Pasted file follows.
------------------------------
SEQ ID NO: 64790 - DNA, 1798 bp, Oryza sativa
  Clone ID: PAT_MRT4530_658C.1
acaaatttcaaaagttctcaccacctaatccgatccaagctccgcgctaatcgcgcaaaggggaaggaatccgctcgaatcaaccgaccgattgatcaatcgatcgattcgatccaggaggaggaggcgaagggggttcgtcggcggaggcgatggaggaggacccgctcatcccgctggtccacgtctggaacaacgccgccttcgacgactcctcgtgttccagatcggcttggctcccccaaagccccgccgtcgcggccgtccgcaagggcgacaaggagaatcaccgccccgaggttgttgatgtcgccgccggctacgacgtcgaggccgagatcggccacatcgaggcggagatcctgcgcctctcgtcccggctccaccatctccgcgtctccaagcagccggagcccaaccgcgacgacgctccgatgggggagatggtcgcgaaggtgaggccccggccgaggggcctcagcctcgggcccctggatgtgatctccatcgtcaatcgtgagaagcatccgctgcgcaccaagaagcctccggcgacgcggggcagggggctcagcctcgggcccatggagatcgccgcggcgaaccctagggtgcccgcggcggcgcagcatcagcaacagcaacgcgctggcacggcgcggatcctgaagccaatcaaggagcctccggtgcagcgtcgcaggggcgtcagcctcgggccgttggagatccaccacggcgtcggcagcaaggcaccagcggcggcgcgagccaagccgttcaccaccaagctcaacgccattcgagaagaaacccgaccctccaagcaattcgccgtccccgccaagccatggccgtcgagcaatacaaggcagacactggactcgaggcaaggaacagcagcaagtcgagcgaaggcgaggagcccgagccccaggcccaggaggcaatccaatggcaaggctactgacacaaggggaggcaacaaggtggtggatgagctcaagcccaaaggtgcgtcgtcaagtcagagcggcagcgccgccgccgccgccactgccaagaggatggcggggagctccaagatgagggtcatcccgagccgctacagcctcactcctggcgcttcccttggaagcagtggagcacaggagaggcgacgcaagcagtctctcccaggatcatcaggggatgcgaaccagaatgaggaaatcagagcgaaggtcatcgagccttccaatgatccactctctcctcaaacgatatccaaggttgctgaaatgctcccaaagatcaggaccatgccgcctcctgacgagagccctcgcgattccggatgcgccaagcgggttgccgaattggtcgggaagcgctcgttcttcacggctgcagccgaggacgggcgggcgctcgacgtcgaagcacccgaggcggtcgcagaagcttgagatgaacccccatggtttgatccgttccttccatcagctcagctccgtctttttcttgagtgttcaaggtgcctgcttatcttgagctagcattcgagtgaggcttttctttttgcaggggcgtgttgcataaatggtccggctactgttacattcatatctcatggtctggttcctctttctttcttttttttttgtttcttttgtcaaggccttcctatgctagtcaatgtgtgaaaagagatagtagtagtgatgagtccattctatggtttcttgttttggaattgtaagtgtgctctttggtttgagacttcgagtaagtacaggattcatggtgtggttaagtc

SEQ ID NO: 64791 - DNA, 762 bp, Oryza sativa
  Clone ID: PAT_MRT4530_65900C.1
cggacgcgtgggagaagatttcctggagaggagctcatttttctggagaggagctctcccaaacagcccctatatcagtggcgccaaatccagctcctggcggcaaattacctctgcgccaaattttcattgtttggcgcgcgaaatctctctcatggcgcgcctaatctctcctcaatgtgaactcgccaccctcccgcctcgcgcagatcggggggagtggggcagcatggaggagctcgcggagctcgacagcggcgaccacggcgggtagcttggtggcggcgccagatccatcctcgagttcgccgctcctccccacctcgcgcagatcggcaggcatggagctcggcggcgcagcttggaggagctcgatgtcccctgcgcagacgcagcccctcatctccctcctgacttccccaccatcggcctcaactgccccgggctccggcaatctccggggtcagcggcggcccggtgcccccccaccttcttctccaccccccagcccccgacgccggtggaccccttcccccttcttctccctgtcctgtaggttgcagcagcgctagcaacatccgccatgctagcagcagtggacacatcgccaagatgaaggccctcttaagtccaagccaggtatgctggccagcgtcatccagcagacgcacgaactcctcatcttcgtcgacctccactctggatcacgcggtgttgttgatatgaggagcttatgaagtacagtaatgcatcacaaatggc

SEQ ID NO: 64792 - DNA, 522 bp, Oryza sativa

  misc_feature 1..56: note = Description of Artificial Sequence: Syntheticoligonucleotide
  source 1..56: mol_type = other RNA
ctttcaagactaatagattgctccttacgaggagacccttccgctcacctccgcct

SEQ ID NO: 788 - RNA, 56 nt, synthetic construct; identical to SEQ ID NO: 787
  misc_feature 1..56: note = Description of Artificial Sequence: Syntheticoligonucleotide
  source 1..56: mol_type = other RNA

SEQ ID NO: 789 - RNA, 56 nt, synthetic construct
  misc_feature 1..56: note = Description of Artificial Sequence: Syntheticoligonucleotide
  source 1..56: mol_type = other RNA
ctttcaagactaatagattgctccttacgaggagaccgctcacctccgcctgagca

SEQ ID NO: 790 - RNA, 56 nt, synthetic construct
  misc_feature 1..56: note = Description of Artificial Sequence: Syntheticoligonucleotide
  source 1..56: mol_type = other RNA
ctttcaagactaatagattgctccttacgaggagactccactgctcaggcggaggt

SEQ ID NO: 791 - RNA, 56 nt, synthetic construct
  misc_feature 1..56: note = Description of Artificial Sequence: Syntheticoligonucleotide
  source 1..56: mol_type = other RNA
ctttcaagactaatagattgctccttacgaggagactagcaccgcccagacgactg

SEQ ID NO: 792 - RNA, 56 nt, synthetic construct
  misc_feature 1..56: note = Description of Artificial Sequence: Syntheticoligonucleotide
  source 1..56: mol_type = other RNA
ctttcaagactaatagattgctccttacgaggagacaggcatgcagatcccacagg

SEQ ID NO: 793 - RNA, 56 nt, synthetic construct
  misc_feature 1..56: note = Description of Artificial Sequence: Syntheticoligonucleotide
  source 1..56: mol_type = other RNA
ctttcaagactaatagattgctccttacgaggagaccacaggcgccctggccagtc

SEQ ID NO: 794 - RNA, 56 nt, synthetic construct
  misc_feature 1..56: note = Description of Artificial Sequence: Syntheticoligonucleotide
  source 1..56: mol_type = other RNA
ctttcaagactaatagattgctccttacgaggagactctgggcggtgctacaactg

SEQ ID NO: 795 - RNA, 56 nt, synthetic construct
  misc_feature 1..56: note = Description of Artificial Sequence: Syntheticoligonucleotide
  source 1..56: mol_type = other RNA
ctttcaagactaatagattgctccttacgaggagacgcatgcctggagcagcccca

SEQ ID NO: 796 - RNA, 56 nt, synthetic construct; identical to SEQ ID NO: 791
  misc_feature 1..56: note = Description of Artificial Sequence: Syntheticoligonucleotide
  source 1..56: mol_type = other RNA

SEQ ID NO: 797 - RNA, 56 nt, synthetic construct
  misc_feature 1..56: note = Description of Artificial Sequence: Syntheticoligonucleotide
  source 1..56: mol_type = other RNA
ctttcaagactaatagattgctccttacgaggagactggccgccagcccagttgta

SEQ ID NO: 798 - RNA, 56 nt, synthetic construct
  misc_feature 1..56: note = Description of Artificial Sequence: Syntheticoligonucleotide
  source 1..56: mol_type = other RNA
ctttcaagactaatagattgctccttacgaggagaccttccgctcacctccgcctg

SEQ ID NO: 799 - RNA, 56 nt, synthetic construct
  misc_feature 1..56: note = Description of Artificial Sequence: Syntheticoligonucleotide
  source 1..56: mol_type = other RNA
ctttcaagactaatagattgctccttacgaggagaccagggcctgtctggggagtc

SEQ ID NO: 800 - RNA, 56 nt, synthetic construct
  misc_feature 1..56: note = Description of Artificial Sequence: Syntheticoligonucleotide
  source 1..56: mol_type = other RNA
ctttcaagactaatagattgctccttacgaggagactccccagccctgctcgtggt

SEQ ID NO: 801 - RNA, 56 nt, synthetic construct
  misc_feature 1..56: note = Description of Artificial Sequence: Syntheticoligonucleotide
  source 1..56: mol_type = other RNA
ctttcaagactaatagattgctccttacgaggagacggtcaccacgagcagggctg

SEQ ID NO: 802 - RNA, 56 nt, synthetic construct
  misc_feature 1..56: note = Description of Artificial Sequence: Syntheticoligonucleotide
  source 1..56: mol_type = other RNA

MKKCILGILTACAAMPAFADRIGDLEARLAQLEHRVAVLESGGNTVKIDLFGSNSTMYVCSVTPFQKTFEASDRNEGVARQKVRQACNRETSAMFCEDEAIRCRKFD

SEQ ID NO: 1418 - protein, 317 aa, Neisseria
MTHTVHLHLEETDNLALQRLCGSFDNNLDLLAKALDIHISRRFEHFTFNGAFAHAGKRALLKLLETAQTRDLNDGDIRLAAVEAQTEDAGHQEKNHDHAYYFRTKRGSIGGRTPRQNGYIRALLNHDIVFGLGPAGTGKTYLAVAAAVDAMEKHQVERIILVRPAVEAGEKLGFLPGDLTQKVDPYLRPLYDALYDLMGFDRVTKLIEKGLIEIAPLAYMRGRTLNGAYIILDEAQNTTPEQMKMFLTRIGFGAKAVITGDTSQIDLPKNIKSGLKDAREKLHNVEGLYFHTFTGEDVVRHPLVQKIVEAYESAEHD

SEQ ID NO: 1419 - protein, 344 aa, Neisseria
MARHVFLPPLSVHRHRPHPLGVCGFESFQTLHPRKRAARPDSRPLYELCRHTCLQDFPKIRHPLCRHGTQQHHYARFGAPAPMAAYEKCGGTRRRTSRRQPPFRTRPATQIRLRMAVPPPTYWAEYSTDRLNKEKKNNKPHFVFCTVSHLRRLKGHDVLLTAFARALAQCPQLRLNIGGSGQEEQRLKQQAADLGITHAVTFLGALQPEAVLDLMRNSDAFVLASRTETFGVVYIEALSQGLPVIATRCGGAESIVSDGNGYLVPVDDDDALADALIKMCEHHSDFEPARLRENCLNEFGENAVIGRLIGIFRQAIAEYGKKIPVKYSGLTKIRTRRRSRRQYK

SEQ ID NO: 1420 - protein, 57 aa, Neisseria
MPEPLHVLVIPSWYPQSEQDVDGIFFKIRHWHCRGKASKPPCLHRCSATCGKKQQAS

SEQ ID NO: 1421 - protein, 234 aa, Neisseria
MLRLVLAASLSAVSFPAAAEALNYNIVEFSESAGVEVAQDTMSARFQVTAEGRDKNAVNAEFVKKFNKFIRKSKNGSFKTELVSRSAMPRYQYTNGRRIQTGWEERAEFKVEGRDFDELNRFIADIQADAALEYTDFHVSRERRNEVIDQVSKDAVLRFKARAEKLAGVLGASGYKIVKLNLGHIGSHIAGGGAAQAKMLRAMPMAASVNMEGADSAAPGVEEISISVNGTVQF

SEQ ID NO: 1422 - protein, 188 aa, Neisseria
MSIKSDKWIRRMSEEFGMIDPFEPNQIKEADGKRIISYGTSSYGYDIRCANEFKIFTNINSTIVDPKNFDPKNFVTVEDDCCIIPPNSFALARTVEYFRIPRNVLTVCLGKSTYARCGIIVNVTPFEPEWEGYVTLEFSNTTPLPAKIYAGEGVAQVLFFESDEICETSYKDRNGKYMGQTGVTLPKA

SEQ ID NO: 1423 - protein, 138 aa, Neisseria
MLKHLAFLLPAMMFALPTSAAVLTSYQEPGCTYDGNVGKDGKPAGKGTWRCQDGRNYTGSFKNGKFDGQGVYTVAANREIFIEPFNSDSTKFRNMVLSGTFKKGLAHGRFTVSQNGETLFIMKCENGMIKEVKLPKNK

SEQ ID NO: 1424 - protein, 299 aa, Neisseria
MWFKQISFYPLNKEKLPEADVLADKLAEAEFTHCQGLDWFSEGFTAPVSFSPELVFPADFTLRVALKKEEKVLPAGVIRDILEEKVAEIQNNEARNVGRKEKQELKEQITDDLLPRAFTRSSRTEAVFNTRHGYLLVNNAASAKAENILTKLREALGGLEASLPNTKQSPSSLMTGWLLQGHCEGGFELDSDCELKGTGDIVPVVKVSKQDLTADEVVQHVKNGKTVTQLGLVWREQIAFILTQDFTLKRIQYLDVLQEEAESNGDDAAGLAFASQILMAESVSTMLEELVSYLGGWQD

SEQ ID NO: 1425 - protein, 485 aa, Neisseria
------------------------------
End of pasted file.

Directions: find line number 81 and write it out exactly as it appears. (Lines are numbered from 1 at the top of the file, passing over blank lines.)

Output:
SEQ ID NO: 1424 - protein, 299 aa, Neisseria